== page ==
Tony Romo slams National Football League’s casino puritanism

nfl-no-fun-league-casinosThe National Football League seems hell-bent on living up to its unofficial ‘No Fun League” nickname.

On Tuesday, Dallas Cowboys quarterback Tony Romo went on ESPN to protest the NFL’s forced cancellation of the National Fantasy Football Convention at the Sands Expo in Las Vegas. Romo, who was the headline attraction among multiple NFL players scheduled to attend the event, expressed regret at the league having seen fit to ‘remind’ the NFL Players Association of the league’s intermittently enforced policy against association of its brand with casinos.

Romo complained that the NFL hadn’t bothered to reach out to either the NFFC’s organizers or himself and suggested that the way it was handled “does make it sound sometimes like it’s an issue about money, which is disappointing.” Romo accused the NFL of “almost scaring” the players scheduled to attend the NFFC, which to Romo “just seems silly” and “makes you think it was just about money.”

Las Vegas Sands spokesman Ron Reese joined in the skewering, saying the NFL “has a credibility gap on this issue the size of the Grand Canyon.” Reese noted the number of NFL teams that had inked partnerships with daily fantasy sports operators “but a convention in Las Vegas is a bridge too far? It’s about time the NFL comes down from its ivory tower.”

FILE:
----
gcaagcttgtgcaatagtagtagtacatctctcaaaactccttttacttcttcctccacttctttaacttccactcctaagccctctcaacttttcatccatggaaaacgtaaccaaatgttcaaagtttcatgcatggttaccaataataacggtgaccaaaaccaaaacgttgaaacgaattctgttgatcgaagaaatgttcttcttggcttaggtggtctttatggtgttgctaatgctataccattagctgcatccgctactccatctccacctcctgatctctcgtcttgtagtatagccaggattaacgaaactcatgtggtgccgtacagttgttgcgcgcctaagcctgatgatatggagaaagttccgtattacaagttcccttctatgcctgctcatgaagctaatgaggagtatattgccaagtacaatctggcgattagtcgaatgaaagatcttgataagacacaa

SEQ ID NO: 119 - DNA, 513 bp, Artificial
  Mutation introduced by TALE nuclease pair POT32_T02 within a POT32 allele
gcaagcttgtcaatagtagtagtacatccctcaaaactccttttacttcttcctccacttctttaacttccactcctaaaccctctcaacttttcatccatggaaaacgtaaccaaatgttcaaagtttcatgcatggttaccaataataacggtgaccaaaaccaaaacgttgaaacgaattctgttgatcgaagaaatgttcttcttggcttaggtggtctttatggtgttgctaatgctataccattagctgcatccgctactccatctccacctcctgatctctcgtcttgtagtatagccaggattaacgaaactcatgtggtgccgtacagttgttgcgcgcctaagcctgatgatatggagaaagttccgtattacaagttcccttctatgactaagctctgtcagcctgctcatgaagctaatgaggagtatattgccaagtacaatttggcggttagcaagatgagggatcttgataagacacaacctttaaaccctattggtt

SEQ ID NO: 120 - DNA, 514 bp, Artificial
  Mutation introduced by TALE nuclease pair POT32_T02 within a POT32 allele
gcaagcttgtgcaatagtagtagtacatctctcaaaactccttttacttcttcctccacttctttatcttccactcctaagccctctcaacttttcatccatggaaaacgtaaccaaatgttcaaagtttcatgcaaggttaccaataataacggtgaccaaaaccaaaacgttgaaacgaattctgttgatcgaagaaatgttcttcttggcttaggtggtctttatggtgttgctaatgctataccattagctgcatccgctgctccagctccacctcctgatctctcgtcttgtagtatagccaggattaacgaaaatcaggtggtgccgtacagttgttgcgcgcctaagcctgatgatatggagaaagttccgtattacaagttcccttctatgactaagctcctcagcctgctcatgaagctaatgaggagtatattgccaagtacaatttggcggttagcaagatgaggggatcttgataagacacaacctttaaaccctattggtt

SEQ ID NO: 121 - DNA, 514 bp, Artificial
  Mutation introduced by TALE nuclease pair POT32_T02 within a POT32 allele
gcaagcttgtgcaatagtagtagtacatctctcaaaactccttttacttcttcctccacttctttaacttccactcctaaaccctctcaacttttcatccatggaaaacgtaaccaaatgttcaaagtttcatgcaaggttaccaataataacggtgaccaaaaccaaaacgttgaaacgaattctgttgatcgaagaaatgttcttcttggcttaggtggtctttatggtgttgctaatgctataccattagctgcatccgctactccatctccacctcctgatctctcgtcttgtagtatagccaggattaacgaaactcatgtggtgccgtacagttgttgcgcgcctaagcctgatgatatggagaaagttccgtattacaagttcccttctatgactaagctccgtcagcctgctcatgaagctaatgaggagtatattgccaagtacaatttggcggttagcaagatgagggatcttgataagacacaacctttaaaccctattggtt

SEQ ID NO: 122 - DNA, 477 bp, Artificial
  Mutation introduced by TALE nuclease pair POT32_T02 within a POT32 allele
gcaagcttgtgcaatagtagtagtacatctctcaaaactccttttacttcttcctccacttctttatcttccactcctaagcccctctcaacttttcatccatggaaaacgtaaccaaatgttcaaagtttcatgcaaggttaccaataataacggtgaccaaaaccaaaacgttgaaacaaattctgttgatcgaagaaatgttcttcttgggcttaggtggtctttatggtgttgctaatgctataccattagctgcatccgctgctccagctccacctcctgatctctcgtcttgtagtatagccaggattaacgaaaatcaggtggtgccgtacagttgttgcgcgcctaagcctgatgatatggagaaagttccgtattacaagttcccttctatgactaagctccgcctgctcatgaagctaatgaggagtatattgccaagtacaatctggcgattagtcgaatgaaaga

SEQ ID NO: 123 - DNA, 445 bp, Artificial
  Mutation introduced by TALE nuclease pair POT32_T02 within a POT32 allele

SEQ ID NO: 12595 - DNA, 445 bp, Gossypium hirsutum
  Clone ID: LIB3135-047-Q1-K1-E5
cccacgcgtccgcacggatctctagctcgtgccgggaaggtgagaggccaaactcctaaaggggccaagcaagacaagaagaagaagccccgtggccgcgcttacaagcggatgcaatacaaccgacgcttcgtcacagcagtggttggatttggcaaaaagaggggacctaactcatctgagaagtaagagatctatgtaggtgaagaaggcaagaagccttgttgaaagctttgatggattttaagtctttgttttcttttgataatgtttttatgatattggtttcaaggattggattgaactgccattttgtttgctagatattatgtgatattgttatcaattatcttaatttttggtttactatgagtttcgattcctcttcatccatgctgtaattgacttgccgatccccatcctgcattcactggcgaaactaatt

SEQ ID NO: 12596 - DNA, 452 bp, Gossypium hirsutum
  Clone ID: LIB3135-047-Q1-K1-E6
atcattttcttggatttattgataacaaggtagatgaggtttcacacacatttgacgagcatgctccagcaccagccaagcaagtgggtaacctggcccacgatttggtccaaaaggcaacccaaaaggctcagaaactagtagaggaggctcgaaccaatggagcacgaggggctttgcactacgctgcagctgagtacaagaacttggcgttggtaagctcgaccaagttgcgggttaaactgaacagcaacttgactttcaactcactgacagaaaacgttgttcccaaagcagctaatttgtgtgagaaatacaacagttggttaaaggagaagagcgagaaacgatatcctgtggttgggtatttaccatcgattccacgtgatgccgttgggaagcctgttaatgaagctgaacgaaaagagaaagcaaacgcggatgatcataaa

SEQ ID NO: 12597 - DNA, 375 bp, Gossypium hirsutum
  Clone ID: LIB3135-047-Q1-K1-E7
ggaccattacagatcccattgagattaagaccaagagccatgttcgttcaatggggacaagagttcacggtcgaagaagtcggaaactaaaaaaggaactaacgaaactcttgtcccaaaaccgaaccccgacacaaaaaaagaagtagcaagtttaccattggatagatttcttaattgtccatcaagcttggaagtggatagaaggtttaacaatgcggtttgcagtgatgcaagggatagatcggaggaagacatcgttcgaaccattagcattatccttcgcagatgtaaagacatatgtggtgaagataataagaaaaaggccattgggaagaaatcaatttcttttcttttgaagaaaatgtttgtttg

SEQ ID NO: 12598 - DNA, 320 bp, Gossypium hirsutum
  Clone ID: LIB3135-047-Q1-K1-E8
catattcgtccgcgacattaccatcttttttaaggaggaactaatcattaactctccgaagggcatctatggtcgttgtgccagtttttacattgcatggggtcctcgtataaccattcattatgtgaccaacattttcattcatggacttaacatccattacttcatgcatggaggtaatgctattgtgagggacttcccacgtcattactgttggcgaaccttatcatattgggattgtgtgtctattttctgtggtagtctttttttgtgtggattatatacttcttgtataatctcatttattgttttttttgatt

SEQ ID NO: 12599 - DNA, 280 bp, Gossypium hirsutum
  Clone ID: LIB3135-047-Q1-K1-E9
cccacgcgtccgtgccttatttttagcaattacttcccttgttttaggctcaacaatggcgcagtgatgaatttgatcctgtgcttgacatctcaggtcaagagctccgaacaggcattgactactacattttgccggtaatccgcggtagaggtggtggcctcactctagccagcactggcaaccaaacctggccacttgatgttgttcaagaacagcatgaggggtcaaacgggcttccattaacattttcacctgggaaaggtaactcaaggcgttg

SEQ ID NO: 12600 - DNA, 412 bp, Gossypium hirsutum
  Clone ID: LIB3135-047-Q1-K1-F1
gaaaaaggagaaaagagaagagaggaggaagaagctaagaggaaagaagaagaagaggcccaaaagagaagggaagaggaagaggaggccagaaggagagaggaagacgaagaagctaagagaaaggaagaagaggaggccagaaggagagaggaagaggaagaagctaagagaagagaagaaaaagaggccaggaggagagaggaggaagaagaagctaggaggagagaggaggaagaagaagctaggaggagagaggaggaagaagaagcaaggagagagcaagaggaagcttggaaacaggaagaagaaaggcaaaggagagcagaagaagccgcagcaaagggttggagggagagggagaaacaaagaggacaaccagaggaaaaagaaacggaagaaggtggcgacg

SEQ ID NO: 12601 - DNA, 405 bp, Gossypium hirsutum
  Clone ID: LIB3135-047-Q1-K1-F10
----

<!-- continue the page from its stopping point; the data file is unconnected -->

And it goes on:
The NFFC isn’t the only event to suffer at the hands of the NFL’s anti-casino stance. On Tuesday, TMZ reported that several Miami Dolphins players had pulled out of a poker tournament at the Seminole Casino Coconut Creek in Florida. Organizer Andy Slater said the players scheduled to attend Tuesday’s event had told him “they were advised they couldn’t play.”

Also on Tuesday, ESPN reported that the NFL was training its sights on the Fantasy Sports Combine, which is scheduled for July 17 at Wynn Las Vegas and promises attendance by several NFL players, including New York Jets wideout Brandon Marshall. Several NFL’ers are also scheduled to attend the Strikes for Kids charity bowling event at Sands’ Palazzo property on July 12.

Officially, the NFL bars players and personnel from engaging in “promotional activities or other appearances at or in connection with events that are held at or sponsored by casinos.” Romo, his fellow players and event organizers would have all been aware of this stance, so their protestations do seem a bit disingenuous.

But the NFL’s stance isn’t always as clear as it claims. Just last month, the Detroit Lions inked a deal with the MGM Grand Detroit casino to create a special fan zone within Ford Field. One of the key selling points for the new MGM Grand Detroit Tunnel Club – accessible only via a season ticket package costing $19k for two seats – is the promise of increased access to NFL players during games.

Bottom line, the NFL increasingly appears out of step with modern attitudes toward casinos and betting in general, so maybe No Foresight League would be more appropriate.